Saturday, April 11, 2020

The words which make us

Naturally enough we strive to define the world around us through words which have fixed meanings. But our lives and the world we live in are in constant flux. Even in these times when we are secluded in our homes, we are more than ever marching towards uncharted waters. In some ways this gives us the luxury to contemplate change, possibly a dramatic collapse of aspects of the neo-liberal order, but we are inevitably faced by the limits of our vocabulary. So there is an inevitable conflict between the stationary state of the dictionary and change both in personal and historical narratives. We have a limited number of words for such a wide variety of hues and experiences. Not surprisingly the Inuit are said to have 50 different words for snow. Perhaps the more we live in a confined space, we also start observing hues of which we were largely not aware. Even while walking everyday in my hometown i started noting small architectural details which had escaped my field of vision. Also in the stationary state we are confined we are likely to reflect more in the different hues in our relationships with each other. For example the word friendship-something so valuable in corona times, comes in so many different hues and intensities, the kind where you can talk about the meaning of existence until the sun came up, the kind where you laugh yourself to bits and the kind which anchor you to different aspects of reality.

The same applies to domestic life where fixed definitions disguise so many different ways of living this experience. What is awkward in these times is that in a moment of enforced segregation, we have also more likely to virtually bring in work and friends in to the domestic sphere, in what is reminiscent of older times when work was also carried in the home and when the home was part of the neighbourhood. So is the return of the balcony as a sphere of interaction, a space from where the outside world can be seen and from where we seek to establish a connection.

Yet more often than not we have only one word for very complex human interactions. Moreover the meaning of words is socially determined, often reflecting not just what is generally expected by society but also deeply ingrained power relations. Some cultures do not have a word for property. Others like the Na in China do not have words for fathers or husbands because these roles do not even exist. But while the economic and social infrastructure is reflected in language, in other ways we are ruled by and through words. Therefore at best language provides us with a map to navigate one particular aspect of a multi layered reality. Somethings are in fact best experienced through silence. But it also shapes the way we perceive that reality. Words can sometimes help us articulate thoughts and emotions but they can also act as a prison. Probably we are living in a productive time when new words will be created. This may be the best indication that the times are changing.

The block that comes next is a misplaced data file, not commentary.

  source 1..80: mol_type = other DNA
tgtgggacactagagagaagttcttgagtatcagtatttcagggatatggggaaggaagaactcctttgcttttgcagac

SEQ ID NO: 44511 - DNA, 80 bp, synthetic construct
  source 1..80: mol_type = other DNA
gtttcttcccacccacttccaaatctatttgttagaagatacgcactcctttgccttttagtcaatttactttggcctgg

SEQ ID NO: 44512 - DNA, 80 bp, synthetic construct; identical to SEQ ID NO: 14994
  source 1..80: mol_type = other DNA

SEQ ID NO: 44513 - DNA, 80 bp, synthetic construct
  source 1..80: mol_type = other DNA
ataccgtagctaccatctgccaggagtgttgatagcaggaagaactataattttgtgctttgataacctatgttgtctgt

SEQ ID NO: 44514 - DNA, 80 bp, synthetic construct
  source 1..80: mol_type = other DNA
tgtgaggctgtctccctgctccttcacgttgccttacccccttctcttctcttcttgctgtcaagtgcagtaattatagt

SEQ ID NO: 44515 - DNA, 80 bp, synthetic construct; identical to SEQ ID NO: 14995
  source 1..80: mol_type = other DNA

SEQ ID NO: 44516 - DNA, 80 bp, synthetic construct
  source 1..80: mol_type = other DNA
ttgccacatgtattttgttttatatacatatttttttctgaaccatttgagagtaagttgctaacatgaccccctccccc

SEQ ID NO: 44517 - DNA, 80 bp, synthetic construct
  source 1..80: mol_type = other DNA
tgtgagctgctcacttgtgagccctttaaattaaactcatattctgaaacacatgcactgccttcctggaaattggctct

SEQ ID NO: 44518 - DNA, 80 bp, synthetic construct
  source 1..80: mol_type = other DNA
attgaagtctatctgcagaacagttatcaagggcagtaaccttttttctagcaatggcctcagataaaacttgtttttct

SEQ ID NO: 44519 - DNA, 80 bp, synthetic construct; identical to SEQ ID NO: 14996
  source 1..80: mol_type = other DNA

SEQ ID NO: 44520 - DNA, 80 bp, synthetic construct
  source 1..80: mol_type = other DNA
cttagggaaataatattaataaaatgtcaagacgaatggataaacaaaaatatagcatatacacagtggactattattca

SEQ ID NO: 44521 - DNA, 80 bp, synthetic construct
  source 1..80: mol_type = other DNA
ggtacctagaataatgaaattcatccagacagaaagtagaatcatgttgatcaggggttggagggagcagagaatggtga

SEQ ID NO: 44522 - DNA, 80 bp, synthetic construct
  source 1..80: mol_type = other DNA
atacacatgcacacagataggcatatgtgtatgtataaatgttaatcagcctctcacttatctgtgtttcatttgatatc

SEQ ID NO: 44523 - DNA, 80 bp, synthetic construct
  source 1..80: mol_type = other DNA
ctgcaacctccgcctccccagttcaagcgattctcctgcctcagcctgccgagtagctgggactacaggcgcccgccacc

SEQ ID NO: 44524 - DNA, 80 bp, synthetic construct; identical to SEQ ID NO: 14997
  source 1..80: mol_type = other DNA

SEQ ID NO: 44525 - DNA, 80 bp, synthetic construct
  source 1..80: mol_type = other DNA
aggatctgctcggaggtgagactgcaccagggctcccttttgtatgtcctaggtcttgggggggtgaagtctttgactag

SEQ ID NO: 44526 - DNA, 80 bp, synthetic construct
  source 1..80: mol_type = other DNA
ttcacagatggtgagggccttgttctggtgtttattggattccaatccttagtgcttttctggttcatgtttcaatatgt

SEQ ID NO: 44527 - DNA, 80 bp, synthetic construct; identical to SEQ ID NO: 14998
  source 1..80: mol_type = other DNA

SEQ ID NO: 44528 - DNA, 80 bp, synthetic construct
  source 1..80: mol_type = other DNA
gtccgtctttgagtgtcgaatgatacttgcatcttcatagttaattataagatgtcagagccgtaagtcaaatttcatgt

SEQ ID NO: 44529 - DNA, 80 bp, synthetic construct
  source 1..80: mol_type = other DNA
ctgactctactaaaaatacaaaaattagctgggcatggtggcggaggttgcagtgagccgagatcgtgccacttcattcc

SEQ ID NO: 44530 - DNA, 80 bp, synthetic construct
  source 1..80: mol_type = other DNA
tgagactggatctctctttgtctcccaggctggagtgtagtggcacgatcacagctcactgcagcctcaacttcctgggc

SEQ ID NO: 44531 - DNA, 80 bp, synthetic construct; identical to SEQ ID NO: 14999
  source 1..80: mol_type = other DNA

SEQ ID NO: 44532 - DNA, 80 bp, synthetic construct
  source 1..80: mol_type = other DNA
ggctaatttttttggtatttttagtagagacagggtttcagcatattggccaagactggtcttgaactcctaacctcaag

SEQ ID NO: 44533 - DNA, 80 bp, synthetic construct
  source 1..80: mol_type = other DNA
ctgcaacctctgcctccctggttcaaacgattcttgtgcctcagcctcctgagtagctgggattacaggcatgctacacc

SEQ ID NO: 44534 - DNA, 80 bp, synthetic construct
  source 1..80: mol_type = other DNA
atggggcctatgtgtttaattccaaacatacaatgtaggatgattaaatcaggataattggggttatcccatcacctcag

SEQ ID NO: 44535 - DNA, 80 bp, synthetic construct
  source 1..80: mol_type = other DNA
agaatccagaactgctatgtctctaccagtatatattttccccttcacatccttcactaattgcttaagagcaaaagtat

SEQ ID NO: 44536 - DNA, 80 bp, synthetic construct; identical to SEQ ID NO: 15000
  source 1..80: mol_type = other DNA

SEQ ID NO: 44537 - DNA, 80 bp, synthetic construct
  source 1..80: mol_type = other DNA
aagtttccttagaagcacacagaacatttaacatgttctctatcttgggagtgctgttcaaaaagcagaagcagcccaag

Coining new words to reflect the many different hues in this sense becomes a revolutionary task. In this there is a lot to learn from the LGBTQI movement which has managed to re-define human sexuality by giving the plurality of identities and experiences a name. It is something which the new left and counter culture of the 1960s started by questioning not just capitalism and patriarchy but also their ramification in every day life and choices. Some are suspicious of so-called identity politics, fearing an erosion of collective struggles as if these universal causes depend on rendering the "others" who live in our midst invisible. Even worse is the assertion that giving recognition and standing up for the others by they immigrants or other minorities, weakens the movement. In fact this is one case where 'silence' becomes an accomplice of oppression. Unforunately in times of contagion, there is also a risk of increased invisibility for those whose existence remains a token, something we can only afford to be concerned with when the good times return.

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